The ancient Greek name for feverfew, “Parthenium,” gives its name to one of the plant’s active ingredients, parthenolide. Feverfew’s active ingredients also include flavonoids and volatile oils (including camphor). The active ingredients can be found in the flowers, stem, and leaves, so all the parts of the plant other than its roots can be dried and ground to be used in supplements. The leaves are the most commonly used part.
Benefits of Feverfew Supplements
Feverfew supplements work as anti-inflammatory by preventing the body’s white blood cells from producing the hormone prostaglandin. Suppressing prostaglandin production is the same process by which aspirin in the body reduced inflammation, but scientists think feverfew works by a different mechanism that aspirin does. These supplements also prevent blood platelets from releasing serotonin. Scientists think this is how feverfew seems to have an effect on migraines and rheumatoid arthritis.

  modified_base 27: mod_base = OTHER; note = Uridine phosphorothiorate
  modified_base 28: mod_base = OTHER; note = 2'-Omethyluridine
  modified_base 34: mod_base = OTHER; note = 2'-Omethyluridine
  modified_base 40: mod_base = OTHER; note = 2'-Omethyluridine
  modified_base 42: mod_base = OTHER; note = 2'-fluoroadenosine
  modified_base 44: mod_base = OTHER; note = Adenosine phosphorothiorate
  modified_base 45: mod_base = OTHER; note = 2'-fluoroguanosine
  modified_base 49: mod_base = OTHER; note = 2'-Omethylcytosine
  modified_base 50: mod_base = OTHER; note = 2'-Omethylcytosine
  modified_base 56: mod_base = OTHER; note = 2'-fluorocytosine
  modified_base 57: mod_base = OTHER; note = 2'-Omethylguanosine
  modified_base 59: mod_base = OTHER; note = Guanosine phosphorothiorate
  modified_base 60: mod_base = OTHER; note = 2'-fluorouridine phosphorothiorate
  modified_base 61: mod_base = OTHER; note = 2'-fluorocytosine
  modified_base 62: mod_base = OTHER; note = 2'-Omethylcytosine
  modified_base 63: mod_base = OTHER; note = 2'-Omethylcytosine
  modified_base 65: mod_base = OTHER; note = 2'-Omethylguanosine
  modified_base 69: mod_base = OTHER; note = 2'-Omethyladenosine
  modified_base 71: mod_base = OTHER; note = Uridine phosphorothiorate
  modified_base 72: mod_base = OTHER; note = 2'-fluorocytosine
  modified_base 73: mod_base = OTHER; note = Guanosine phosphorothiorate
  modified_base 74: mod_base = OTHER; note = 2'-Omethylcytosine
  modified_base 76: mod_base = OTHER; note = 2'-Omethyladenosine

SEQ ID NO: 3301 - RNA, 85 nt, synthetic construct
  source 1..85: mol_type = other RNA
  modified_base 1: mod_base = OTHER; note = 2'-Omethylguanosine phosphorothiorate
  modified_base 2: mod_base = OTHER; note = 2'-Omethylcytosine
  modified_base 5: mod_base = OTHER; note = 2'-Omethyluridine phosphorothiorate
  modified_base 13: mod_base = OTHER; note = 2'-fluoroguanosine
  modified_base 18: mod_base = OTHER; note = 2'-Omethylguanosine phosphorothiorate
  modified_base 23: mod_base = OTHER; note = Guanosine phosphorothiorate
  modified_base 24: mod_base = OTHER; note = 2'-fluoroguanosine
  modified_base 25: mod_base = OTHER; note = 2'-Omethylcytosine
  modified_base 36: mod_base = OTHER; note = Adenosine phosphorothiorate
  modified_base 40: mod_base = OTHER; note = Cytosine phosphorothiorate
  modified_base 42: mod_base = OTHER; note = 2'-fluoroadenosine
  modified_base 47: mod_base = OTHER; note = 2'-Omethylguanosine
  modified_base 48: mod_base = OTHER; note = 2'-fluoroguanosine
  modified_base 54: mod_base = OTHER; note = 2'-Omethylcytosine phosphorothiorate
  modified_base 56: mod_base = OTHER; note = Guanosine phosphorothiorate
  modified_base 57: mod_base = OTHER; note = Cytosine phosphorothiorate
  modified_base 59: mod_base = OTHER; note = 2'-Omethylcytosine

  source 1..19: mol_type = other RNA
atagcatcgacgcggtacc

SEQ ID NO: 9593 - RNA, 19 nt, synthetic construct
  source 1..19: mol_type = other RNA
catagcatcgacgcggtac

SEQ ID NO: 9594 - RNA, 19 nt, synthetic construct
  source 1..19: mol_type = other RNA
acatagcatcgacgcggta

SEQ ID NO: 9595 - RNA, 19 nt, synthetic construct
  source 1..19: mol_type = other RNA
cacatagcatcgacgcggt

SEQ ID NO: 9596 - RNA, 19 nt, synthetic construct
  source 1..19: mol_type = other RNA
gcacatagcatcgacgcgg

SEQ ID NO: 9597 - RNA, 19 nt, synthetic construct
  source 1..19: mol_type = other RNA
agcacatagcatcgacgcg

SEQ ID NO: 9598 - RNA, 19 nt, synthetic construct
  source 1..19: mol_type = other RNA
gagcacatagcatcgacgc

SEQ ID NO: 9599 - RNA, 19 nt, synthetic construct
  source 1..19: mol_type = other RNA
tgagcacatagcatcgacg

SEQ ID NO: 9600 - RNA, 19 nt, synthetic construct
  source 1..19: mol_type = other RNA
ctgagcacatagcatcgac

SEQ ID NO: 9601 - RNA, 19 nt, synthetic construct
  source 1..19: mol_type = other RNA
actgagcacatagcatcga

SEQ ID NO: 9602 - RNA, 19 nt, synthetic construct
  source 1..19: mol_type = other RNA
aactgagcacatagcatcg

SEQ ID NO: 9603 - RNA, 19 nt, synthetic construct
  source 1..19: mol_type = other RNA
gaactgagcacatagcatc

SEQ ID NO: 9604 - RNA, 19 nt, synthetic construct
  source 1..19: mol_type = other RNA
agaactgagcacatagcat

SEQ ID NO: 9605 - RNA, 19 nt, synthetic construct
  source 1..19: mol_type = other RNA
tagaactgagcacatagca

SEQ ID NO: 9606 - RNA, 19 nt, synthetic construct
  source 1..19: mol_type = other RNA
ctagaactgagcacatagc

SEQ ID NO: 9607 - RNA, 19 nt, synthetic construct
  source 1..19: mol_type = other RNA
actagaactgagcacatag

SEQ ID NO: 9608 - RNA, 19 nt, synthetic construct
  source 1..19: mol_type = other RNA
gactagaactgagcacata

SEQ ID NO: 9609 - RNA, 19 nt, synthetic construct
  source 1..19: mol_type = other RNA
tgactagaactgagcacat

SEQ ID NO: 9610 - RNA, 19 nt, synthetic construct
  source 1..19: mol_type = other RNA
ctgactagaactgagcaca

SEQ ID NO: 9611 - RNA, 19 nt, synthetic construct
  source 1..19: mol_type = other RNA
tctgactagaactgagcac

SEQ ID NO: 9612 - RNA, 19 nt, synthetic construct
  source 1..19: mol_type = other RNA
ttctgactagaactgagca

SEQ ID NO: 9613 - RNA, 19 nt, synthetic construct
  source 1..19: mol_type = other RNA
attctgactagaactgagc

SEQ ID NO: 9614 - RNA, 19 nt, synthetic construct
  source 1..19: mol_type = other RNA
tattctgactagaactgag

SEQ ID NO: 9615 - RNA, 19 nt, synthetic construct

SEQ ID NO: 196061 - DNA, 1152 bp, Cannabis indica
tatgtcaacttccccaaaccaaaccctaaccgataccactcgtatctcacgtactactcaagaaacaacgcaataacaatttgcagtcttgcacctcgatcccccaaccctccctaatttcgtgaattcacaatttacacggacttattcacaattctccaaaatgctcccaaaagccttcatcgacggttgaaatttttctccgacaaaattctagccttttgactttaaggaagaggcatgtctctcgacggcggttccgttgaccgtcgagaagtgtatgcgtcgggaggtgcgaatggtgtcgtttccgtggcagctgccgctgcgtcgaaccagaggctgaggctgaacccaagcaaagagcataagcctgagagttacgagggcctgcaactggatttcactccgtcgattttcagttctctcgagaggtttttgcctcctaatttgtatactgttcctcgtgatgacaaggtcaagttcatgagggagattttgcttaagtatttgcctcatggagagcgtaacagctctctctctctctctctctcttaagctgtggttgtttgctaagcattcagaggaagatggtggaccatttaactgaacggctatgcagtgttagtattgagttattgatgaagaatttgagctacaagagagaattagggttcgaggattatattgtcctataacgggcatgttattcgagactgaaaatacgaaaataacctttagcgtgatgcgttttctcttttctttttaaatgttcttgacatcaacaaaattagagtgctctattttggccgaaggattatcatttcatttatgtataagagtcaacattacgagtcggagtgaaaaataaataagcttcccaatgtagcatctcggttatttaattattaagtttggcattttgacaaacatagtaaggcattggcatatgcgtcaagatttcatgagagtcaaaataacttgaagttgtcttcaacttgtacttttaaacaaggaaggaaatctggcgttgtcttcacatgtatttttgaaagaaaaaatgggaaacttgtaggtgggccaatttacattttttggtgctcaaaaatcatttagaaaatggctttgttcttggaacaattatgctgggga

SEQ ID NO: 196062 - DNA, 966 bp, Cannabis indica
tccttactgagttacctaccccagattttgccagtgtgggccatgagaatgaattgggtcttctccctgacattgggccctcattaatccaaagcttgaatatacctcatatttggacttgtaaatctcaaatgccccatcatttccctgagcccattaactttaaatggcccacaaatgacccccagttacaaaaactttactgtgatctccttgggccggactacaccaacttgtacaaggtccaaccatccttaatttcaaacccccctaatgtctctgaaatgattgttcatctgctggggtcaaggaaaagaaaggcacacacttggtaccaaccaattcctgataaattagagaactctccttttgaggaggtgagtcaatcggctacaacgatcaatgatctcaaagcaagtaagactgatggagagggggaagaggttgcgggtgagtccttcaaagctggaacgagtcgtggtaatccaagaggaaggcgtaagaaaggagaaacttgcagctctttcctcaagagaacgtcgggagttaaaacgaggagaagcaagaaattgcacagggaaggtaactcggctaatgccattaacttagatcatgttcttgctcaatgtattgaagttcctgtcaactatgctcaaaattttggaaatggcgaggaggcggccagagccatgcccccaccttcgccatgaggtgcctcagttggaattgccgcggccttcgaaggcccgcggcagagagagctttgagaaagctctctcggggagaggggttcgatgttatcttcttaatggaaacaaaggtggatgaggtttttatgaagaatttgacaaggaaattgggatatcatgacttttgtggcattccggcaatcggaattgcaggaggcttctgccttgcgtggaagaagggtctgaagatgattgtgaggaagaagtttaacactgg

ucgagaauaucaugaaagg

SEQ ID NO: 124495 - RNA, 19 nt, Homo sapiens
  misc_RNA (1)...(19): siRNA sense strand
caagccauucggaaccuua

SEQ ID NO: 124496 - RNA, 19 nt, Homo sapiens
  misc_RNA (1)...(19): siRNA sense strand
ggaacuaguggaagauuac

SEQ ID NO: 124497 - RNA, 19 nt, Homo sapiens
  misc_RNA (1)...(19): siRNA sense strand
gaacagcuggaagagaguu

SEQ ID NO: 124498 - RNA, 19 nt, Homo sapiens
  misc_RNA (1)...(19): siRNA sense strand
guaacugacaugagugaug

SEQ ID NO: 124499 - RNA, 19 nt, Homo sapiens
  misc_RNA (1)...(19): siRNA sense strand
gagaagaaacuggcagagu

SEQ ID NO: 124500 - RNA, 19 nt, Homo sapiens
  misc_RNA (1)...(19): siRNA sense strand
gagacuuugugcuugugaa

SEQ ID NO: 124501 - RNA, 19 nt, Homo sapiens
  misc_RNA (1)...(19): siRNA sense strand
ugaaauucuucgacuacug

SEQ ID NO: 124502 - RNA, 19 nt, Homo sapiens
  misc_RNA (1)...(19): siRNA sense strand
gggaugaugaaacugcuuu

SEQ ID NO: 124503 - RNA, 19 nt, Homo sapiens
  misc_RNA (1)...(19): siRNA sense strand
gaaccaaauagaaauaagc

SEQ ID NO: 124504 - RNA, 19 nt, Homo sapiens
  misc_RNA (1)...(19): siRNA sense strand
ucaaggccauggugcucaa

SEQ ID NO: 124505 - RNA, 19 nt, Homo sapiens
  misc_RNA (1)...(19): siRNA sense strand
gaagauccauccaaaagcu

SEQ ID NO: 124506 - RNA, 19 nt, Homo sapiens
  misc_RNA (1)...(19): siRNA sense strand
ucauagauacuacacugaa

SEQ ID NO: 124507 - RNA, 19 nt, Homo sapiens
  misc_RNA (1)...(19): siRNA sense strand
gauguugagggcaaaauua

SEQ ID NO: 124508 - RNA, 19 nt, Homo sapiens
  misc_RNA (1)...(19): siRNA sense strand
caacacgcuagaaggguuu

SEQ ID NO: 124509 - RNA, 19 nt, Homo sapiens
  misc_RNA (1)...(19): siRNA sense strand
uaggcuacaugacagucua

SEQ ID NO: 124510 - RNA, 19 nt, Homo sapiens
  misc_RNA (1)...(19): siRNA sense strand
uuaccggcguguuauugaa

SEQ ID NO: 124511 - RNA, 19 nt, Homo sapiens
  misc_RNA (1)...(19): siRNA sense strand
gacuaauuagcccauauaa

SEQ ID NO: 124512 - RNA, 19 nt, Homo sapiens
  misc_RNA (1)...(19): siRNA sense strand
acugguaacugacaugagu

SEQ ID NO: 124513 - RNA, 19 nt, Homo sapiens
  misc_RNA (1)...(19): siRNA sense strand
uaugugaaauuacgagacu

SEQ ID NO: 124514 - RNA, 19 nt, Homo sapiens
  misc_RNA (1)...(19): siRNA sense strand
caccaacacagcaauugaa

Clinical studies have shown evidence that feverfew supplements can be useful in preventing migraine headaches. Those who experience frequent migraines might decide to try using feverfew supplements to reduce the frequency of their migraine headaches.
Because feverfew is also known to affect smooth muscle, causing spasms of this type of muscle to decrease, these supplements may also have some effect on menstrual cramps. Prostaglandin is also involved in menstrual cramps, and this molecule is known to be affected by feverfew’s active ingredient. The effects of these supplements on menstrual cramps and on rheumatoid arthritis have not been as well-studied as their use for preventing migraines. Feverfew supplements are occasionally used by women who wish to stimulate their menstrual periods to start or to increase their flow.
Practitioners of herbal medicine may recommend feverfew supplements for lowering blood pressure, decreasing stomach irritation, improving digestion, stimulating appetite, or to improve kidney function. These uses have not been rigorously studied by the scientific community and feverfew’s effectiveness for these uses is unknown.
Are There any Side Effects?